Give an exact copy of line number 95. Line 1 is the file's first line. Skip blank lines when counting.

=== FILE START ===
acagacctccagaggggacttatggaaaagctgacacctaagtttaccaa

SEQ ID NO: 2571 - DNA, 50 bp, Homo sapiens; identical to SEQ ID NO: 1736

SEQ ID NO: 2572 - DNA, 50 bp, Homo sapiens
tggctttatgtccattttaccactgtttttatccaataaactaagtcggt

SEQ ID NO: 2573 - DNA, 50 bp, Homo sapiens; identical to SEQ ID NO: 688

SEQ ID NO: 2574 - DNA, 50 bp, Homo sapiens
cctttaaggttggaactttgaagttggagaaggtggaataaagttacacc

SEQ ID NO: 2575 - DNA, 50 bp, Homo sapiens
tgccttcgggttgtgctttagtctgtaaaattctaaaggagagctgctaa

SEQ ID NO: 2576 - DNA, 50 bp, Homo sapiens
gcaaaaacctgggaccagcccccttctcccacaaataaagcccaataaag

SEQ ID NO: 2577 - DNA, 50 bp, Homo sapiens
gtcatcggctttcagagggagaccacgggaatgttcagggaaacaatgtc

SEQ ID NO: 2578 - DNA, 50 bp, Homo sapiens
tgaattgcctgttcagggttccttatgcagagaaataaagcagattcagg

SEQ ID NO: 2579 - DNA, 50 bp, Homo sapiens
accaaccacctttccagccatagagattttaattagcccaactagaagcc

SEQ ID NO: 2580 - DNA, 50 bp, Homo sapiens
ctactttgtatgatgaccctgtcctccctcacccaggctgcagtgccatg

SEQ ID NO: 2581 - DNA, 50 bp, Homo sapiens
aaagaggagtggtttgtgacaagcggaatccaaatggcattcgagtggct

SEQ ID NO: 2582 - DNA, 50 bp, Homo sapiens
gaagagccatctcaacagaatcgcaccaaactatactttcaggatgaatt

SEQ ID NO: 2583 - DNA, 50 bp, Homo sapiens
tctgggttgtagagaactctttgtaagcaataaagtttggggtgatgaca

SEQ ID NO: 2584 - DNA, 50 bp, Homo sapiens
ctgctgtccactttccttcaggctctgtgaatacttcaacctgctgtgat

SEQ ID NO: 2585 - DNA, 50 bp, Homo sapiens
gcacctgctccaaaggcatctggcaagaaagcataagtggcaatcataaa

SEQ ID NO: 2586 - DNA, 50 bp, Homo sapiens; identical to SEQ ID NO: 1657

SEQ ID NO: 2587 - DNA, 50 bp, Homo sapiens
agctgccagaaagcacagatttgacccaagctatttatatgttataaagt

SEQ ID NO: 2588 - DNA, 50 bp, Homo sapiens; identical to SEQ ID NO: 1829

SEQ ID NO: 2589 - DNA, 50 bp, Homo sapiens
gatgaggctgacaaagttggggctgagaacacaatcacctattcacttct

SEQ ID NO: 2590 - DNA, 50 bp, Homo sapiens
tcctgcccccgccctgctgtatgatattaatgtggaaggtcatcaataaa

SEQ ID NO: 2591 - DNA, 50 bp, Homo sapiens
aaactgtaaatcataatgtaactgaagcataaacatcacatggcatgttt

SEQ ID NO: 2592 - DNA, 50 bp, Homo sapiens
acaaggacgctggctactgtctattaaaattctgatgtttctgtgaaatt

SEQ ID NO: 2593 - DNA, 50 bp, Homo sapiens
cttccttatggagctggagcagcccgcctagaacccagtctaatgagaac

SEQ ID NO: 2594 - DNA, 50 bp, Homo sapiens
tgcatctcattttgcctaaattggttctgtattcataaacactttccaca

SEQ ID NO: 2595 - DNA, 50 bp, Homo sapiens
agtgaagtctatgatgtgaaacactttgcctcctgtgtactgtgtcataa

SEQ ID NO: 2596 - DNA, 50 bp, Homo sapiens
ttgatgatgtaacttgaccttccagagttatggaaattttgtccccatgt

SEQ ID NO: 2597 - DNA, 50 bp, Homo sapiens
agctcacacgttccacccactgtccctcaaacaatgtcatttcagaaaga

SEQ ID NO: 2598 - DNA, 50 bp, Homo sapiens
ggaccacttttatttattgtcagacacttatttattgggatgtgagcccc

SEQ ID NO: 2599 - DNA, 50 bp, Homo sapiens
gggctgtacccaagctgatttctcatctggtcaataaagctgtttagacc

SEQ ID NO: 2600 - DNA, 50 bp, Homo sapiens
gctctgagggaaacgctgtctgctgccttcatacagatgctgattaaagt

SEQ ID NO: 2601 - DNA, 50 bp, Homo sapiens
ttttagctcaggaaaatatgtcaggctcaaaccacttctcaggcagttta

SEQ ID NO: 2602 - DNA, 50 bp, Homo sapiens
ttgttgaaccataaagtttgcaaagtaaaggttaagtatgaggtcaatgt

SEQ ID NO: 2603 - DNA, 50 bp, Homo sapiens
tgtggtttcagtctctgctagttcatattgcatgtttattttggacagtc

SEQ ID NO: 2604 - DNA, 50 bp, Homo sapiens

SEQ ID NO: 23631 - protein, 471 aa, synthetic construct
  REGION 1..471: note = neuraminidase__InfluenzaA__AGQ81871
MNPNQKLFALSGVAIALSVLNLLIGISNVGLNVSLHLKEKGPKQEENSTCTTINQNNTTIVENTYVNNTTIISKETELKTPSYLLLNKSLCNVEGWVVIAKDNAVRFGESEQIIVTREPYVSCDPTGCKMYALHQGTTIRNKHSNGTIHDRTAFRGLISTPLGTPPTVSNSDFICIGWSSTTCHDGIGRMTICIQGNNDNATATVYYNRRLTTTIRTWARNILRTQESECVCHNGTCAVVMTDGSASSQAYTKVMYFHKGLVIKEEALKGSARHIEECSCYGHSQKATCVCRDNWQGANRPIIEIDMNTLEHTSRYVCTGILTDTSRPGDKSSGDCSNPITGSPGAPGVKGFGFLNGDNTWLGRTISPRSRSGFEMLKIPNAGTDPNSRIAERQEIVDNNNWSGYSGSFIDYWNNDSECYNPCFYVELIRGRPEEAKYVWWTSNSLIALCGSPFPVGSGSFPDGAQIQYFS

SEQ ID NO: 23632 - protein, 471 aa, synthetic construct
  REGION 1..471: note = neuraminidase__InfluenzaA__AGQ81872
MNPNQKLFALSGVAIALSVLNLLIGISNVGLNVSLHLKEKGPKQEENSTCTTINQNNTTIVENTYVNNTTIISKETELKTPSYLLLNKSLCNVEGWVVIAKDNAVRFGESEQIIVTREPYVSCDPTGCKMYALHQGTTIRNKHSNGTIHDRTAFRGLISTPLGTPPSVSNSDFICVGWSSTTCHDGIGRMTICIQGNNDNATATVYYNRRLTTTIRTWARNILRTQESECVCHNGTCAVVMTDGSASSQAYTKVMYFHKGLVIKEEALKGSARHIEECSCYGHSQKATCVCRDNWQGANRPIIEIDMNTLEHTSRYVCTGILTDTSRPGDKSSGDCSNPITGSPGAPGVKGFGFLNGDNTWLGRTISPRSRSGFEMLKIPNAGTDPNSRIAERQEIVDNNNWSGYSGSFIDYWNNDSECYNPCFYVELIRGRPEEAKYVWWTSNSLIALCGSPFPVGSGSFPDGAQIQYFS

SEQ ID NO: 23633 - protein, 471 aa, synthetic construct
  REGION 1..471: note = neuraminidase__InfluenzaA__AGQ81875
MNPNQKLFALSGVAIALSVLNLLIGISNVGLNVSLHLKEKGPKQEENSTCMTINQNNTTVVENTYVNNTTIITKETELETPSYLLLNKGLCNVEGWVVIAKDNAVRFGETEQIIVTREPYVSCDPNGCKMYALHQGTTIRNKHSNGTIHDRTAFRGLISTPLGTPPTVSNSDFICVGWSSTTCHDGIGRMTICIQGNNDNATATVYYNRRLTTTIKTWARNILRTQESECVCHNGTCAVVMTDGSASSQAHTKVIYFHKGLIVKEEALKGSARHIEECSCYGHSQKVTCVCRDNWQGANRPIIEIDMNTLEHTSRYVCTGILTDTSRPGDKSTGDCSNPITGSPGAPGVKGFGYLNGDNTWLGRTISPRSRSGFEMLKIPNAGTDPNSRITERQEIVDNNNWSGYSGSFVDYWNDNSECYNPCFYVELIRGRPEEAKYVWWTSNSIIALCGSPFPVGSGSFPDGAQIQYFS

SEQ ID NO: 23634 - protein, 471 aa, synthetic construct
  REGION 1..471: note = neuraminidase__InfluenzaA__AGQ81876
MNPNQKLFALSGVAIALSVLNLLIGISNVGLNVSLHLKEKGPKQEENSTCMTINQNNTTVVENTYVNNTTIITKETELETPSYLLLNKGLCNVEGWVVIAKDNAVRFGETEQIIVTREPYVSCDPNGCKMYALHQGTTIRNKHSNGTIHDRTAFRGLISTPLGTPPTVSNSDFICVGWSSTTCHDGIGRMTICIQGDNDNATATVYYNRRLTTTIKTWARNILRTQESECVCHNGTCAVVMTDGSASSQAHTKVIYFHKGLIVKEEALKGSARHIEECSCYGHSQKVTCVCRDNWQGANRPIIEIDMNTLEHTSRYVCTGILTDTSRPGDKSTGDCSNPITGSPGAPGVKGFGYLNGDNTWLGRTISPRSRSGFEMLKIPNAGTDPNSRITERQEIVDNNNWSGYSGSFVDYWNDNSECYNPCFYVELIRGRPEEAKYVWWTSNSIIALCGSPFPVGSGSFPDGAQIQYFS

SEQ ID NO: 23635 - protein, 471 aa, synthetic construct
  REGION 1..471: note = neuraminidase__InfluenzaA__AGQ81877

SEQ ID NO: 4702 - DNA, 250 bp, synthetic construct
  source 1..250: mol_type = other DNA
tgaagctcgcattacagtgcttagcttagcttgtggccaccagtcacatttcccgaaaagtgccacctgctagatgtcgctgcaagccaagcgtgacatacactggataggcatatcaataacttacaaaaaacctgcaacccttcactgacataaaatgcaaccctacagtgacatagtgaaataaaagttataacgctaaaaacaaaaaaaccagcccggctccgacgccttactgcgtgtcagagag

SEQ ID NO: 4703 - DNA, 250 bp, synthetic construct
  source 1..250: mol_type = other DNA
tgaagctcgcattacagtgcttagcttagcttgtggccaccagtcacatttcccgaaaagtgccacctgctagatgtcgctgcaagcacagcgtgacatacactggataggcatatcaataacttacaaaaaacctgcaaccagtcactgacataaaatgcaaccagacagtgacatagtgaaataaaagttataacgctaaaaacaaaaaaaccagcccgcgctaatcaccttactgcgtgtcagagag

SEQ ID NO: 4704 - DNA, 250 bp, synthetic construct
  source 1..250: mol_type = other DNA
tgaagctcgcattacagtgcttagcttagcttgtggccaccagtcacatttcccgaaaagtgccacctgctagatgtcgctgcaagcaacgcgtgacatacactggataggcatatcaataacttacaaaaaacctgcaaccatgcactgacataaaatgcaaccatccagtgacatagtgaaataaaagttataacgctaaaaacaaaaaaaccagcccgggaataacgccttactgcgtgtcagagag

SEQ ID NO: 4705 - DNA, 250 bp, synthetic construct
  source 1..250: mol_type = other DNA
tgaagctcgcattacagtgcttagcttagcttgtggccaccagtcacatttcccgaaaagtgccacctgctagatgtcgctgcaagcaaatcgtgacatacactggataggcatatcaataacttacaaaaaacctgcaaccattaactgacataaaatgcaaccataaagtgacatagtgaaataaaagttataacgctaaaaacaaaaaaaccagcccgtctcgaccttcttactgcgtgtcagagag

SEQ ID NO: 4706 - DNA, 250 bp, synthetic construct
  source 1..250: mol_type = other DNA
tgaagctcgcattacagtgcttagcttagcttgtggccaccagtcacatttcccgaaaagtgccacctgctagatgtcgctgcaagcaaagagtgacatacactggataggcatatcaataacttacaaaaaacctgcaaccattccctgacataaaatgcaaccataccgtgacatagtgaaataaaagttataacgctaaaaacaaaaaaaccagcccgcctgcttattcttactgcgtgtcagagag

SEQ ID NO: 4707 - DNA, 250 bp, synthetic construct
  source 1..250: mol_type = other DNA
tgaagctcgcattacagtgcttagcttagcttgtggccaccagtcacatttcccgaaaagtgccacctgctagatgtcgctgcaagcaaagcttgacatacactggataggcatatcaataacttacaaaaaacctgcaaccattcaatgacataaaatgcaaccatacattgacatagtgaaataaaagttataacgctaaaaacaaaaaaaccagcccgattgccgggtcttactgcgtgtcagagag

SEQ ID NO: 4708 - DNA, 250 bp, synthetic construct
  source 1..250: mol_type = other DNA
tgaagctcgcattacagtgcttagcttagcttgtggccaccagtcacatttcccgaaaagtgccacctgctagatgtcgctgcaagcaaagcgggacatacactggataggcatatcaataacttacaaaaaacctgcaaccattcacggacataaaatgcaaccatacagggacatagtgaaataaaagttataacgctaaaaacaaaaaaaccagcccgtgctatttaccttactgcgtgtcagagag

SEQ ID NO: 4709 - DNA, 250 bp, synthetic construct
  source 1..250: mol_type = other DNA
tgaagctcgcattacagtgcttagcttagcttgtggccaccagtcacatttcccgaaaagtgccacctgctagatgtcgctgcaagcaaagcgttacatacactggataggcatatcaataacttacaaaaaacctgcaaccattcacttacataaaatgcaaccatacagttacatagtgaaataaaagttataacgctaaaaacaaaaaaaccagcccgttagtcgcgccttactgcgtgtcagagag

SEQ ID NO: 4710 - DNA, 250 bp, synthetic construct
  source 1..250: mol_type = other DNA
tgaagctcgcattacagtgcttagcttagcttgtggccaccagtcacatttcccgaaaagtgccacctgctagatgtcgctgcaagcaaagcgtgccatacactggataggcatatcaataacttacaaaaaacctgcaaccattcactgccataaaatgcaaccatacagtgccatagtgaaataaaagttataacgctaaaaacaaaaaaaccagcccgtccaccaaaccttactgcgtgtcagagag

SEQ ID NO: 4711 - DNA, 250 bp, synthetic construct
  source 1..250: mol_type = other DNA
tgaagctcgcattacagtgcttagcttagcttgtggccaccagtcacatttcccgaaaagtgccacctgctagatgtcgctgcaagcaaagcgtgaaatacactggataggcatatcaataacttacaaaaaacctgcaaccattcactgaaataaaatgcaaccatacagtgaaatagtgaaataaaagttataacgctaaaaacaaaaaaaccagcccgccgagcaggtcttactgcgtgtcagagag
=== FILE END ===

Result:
  source 1..250: mol_type = other DNA